More Than 1 Million Tay-Sachs Carriers in US

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It is a devastating disease that most people know nothing about, yet 1.5 million individuals in the United States are Tay-Sachs carriers, according to the Cure Tay-Sachs Foundation. Your chances of carrying the Tay-Sachs gene range from 1 in 27 to 1 in 250, depending on your background.

Tay-Sachs disease is a hereditary disease in which a mutation in the Hex-A gene causes the body to have little or no amount of the Hex-A enzyme, hexosaminidase A. This enzyme is required by the cells, especially the nerve cells in the brain, to break down fatty waste. When the enzyme is not available, fatty waste products called GM2 ganglioside accumulate inside the cells, causing them to die.

People who are most at risk of carrying the Tay-Sachs gene are eastern Europeans of Jewish (Ashkenazi) descent, Louisiana Cajuns, and French Canadians who live near the St. Lawrence River. Among these populations, 1 in 27 people carry a gene mutation. Experts believe there are between 75 and 100 different mutations that can cause the disease, according to the Cure Tay-Sachs Foundation.

People of Irish-American descent are the next highest risk population, where one in 50 people carry the Tayt-Sachs gene. The chances among the general population of being a carrier is one in 250.

The different mutations can cause different forms of the disease, with infantile being the most common, followed by juvenile and late onset. There is no cure or treatment for infantile and juvenile Tay-Sachs, and everyone affected dies.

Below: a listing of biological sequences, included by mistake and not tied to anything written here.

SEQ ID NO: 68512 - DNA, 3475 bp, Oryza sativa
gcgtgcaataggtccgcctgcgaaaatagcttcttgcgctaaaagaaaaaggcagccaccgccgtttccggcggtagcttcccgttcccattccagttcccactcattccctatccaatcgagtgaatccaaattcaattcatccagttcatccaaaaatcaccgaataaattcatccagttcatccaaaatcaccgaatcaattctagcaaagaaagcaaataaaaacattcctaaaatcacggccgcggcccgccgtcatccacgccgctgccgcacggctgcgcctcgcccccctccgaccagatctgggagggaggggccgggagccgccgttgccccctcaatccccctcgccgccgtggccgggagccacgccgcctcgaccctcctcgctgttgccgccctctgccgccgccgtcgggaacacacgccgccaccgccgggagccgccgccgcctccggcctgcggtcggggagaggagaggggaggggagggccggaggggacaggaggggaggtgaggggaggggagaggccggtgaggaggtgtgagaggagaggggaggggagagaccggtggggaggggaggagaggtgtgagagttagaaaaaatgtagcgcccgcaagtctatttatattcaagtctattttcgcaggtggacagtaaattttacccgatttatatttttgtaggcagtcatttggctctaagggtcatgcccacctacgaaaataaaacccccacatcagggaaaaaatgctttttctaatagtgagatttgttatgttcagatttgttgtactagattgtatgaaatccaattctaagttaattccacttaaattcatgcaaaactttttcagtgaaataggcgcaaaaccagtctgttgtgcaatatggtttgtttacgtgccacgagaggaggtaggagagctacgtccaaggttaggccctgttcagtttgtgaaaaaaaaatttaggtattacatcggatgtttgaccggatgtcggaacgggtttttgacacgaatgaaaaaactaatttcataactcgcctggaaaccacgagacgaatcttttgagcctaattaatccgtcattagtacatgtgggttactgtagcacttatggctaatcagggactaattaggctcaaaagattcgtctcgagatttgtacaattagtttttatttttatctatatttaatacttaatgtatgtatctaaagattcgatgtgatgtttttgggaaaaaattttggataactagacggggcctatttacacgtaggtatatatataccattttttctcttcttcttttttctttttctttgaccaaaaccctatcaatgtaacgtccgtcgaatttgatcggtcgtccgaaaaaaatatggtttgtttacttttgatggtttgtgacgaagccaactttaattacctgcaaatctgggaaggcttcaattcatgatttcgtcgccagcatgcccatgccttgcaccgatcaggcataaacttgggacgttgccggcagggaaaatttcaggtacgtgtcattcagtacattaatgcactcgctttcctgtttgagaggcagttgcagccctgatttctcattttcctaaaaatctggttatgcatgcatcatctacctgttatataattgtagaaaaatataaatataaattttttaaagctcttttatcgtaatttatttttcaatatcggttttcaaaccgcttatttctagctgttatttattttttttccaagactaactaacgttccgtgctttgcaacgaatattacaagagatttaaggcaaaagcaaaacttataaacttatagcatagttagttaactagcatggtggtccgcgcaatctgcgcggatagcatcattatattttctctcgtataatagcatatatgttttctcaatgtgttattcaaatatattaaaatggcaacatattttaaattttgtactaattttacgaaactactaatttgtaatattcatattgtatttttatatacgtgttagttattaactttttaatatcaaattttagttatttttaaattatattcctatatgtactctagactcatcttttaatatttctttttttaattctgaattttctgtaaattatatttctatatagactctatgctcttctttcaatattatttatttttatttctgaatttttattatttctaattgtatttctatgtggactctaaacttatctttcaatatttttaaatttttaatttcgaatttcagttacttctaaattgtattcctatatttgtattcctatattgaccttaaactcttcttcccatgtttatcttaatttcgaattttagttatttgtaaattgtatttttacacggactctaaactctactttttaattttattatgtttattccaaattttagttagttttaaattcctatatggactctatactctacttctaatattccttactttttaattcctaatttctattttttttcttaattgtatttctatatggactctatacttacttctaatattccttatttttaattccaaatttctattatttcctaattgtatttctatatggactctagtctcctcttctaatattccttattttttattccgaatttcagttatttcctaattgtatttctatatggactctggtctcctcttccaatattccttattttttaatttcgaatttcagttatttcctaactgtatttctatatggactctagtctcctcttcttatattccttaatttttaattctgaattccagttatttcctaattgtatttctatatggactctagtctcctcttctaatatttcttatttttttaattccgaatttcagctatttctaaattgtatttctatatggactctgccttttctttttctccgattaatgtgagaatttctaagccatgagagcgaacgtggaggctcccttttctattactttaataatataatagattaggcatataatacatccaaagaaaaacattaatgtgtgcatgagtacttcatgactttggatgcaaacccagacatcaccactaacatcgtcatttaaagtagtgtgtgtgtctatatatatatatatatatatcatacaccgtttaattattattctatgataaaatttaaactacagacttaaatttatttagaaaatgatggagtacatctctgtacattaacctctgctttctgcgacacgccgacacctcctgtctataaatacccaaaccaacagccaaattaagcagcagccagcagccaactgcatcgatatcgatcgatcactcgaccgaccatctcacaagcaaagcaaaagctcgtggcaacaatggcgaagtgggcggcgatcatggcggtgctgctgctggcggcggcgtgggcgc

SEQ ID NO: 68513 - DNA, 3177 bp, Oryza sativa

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In the infantile form of the disease, babies are usually born without any Hex-A, and so the disease progresses rapidly, typically causing death by age 3 to 5 years. Infants do not display symptoms of the disease right away, however, and so the disease can go undetected for months.

Initial symptoms of infantile Tay-Sachs include seizures, decreased eye contact, listlessness, increasing irritability, delayed mental and social skills, increased startle reaction, slow body growth with increasing head size, and behavior changes, such as the baby stops smiling, crawling, or rolling over.

As the disease progresses, other symptoms appear, such as feeding problems, abnormal body tone, deafness, blindness, and loss of intellectual skills. Children who have juvenile Hex-A deficiency develop symptoms between ages 2 and 5 and usually die by age 15. Late onset disease can appear anytime between 5 years of age and the early 30s. Symptoms usually include unsteady gait, tremors, slurred speech, and in some cases, mental illness.

A person can get Tay-Sachs disease only if he or she inherits a Hex-A gene mutation from both parents. If two carrier parents have a child, three outcomes are possible: neither parent passes along the gene mutation to the child so the child is normal; only one parent passes along the gene mutation so the child is normal but is a carrier of the Tay-Sachs gene; or both parents pass along the gene mutation and the child will have Tay-Sachs.

Right now, 1.5 million Americans are carrying the gene that can cause a deadly disease that has no treatment or cure. The Cure Tay-Sachs Foundation is hoping to help change that. On April 19 it announced that it awarded three grants totalling $208,358 “to further Tay-Sachs and Sandhoff disease research.” The grants will cover research on a type of sheep that have been found to be affected by Tay-Sachs, stem cell research in Sandhoff mice, and investigation into the role of inflammation in the brain in Sandhoff disease. Sandhoff is a severe form of Tay-Sachs.

SOURCES:
Cure Tay-Sachs Foundation
National Institute of Neurological Disorders and Stroke
National Tay-Sachs and Allied Diseases Association

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